- Research article
- Open Access
Mechanisms of pressure-diuresis and pressure-natriuresis in Dahl salt-resistant and Dahl salt-sensitive rats
© Beard and Mescam; licensee BioMed Central Ltd. 2012
- Received: 24 October 2011
- Accepted: 4 April 2012
- Published: 14 May 2012
Data on blood flow regulation, renal filtration, and urine output in salt-sensitive Dahl S rats fed on high-salt (hypertensive) and low-salt (prehypertensive) diets and salt-resistant Dahl R rats fed on high-salt diets were analyzed using a mathematical model of renal blood flow regulation, glomerular filtration, and solute transport in a nephron.
The mechanism of pressure-diuresis and pressure-natriuresis that emerges from simulation of the integrated systems is that relatively small increases in glomerular filtration that follow from increases in renal arterial pressure cause relatively large increases in urine and sodium output. Furthermore, analysis reveals the minimal differences between the experimental cases necessary to explain the observed data. It is determined that differences in renal afferent and efferent arterial resistances are able to explain all of the qualitative differences in observed flows, filtration rates, and glomerular pressure as well as the differences in the pressure-natriuresis and pressure-diuresis relationships in the three groups. The model is able to satisfactorily explain data from all three groups without varying parameters associated with glomerular filtration or solute transport in the nephron component of the model.
Thus the differences between the experimental groups are explained solely in terms of difference in blood flow regulation. This finding is consistent with the hypothesis that, if a shift in the pressure-natriuresis relationship is the primary cause of elevated arterial pressure in the Dahl S rat, then alternation in how renal afferent and efferent arterial resistances are regulated represents the primary cause of chronic hypertension in the Dahl S rat.
- Glomerular Filtration
- Renal Blood Flow
- Sodium Excretion
- Sodium Reabsorption
- Baseline Pressure
Animal models of salt- and/or angiotensin II-induced chronic hypertension have revealed shifts in the observed pressure-natriuresis and pressure-diuresis relationships to higher pressures, as well as altered renal blood flow regulation [1–6]. The salt-sensitive Dahl S (SS) rat is a widely studied example of an animal that develops hypertension, associated with a shift of the pressure-natriuresis relationship (relationship between sodium excretion and arterial pressure) to higher pressures, when fed a high-salt diet. When maintained on high salt (e.g., 8% NaCl in chow) the kidneys of these animals are found to excrete a given amount of sodium per unit time at a higher input arterial pressure than the kidneys of control animals fed low-salt diets and of strains, such as the salt-resistant Dahl R (SR) rat, that do not exhibit salt-induced hypertension. Thus sodium balance (dietary sodium input minus sodium excretion) is achieved in hypertensive animals at higher pressures than in normotensive animals .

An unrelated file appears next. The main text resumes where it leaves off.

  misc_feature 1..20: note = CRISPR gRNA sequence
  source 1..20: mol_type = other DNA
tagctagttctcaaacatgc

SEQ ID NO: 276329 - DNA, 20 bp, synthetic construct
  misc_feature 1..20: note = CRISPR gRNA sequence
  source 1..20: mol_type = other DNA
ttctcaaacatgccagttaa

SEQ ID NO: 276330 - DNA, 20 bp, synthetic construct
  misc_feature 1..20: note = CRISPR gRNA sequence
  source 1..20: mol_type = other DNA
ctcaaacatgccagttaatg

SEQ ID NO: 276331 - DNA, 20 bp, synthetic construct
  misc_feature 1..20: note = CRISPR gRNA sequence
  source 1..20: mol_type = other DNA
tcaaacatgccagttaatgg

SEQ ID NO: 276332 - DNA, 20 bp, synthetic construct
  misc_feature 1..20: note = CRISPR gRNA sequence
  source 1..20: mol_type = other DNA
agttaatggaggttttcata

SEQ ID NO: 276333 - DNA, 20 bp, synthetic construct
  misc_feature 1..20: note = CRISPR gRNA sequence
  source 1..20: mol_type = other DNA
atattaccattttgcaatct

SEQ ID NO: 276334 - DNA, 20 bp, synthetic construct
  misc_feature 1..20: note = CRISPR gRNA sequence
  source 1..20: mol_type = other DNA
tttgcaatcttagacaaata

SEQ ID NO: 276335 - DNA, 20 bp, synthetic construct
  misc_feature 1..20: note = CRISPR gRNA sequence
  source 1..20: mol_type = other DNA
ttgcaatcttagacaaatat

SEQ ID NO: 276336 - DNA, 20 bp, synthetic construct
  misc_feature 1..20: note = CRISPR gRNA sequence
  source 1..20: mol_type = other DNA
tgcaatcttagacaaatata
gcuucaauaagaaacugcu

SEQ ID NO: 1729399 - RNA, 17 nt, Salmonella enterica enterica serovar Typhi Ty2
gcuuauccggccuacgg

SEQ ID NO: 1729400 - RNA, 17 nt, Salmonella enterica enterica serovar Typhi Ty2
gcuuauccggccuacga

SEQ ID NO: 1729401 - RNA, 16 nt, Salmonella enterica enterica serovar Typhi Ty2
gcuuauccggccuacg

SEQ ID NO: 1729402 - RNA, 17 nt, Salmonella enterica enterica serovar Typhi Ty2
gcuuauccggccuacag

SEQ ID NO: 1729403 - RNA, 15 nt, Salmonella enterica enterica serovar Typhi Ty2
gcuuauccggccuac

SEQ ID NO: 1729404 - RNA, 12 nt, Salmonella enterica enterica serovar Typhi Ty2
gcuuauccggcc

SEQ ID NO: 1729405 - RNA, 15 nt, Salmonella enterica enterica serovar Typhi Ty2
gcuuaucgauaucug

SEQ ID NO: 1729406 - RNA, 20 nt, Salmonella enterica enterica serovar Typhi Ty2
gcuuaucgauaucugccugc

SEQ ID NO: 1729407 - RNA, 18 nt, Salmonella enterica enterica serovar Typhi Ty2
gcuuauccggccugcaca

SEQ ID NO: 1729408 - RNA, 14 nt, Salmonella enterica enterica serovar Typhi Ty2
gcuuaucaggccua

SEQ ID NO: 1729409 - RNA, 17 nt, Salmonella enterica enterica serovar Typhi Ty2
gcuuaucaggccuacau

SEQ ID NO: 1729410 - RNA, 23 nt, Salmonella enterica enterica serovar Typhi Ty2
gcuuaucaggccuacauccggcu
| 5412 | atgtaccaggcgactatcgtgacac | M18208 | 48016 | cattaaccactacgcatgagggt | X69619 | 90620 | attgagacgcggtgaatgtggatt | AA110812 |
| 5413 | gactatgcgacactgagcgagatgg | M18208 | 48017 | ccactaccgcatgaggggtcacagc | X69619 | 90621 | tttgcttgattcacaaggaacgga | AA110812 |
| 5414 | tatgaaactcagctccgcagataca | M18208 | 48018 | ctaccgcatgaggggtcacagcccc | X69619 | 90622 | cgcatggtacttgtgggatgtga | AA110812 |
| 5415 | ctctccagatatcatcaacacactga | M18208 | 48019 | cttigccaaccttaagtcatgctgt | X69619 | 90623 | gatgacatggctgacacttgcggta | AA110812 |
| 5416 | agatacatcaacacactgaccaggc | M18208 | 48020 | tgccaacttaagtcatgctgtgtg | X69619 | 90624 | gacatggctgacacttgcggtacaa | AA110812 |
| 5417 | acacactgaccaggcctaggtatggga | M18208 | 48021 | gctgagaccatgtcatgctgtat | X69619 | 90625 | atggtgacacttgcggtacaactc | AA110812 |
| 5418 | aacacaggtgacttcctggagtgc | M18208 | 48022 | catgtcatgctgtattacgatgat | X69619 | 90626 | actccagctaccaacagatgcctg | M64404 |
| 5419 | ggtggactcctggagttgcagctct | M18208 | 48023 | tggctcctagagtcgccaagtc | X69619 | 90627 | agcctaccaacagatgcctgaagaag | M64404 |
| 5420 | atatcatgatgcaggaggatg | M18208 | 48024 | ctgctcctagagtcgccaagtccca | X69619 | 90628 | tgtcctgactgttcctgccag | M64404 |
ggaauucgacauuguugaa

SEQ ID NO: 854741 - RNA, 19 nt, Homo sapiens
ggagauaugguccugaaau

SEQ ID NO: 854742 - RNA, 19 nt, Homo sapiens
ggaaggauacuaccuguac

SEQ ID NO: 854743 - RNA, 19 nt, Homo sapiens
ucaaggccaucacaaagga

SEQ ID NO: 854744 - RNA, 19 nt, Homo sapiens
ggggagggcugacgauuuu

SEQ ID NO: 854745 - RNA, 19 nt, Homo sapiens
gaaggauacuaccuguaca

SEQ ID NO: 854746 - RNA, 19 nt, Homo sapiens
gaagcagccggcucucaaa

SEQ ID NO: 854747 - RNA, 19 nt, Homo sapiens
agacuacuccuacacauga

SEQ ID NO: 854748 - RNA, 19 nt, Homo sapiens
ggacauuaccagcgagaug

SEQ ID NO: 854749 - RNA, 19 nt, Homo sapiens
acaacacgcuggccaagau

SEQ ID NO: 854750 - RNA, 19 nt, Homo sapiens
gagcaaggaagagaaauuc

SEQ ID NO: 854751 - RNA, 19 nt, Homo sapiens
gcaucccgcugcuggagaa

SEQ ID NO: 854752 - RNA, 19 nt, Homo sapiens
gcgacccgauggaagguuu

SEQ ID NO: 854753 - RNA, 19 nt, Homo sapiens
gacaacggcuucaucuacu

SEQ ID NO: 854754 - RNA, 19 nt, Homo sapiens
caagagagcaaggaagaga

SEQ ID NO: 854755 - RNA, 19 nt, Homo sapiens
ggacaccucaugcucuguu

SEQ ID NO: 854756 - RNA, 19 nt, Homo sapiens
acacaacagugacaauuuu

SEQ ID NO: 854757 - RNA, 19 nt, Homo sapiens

Guyton and Coleman and coworkers hypothesize that a shift in the pressure-natriuresis relationship to higher pressures is one of the central causal mechanisms of chronic hypertension in salt-sensitive hypertension . Other investigators suggest that angiotensin II- and salt-induced increases in sympathetic nervous activity in the vasculature may be a primary causal factor in salt-sensitive hypertension while the shift in the renal pressure-natriuresis relationship may not [9–11]. Not only is it unclear whether and when the observed changes in the pressure-natriuresis relationship are causes or consequences of chronic hypertension (or in some way both), it remains unclear what specific aspects of renal physiology are altered in salt-sensitive hypertension, underlying the observed changes in the pressure-natriuresis and pressure-diuresis relationships.
Here we analyze data on blood flow regulation, renal filtration, and urine output in SS rats fed on high-salt (hypertensive) and low-salt (prehypertensive) diets and salt-resistant SR rats fed on high-salt diets. We use a simple mathematical model of renal blood flow regulation, glomerular filtration, and solute transport in a nephron to reveal the minimal differences between the three cases necessary to explain the observed data. It is found that the differences in renal blood flow, glomerular filtration, and pressure-diuresis and pressure-natriuresis relationships may be explained based solely on differences in afferent and efferent arteriole regulation in the hypertensive (high-salt) SS compared to the salt-resistant SR and the low-salt SS controls.
Sources of data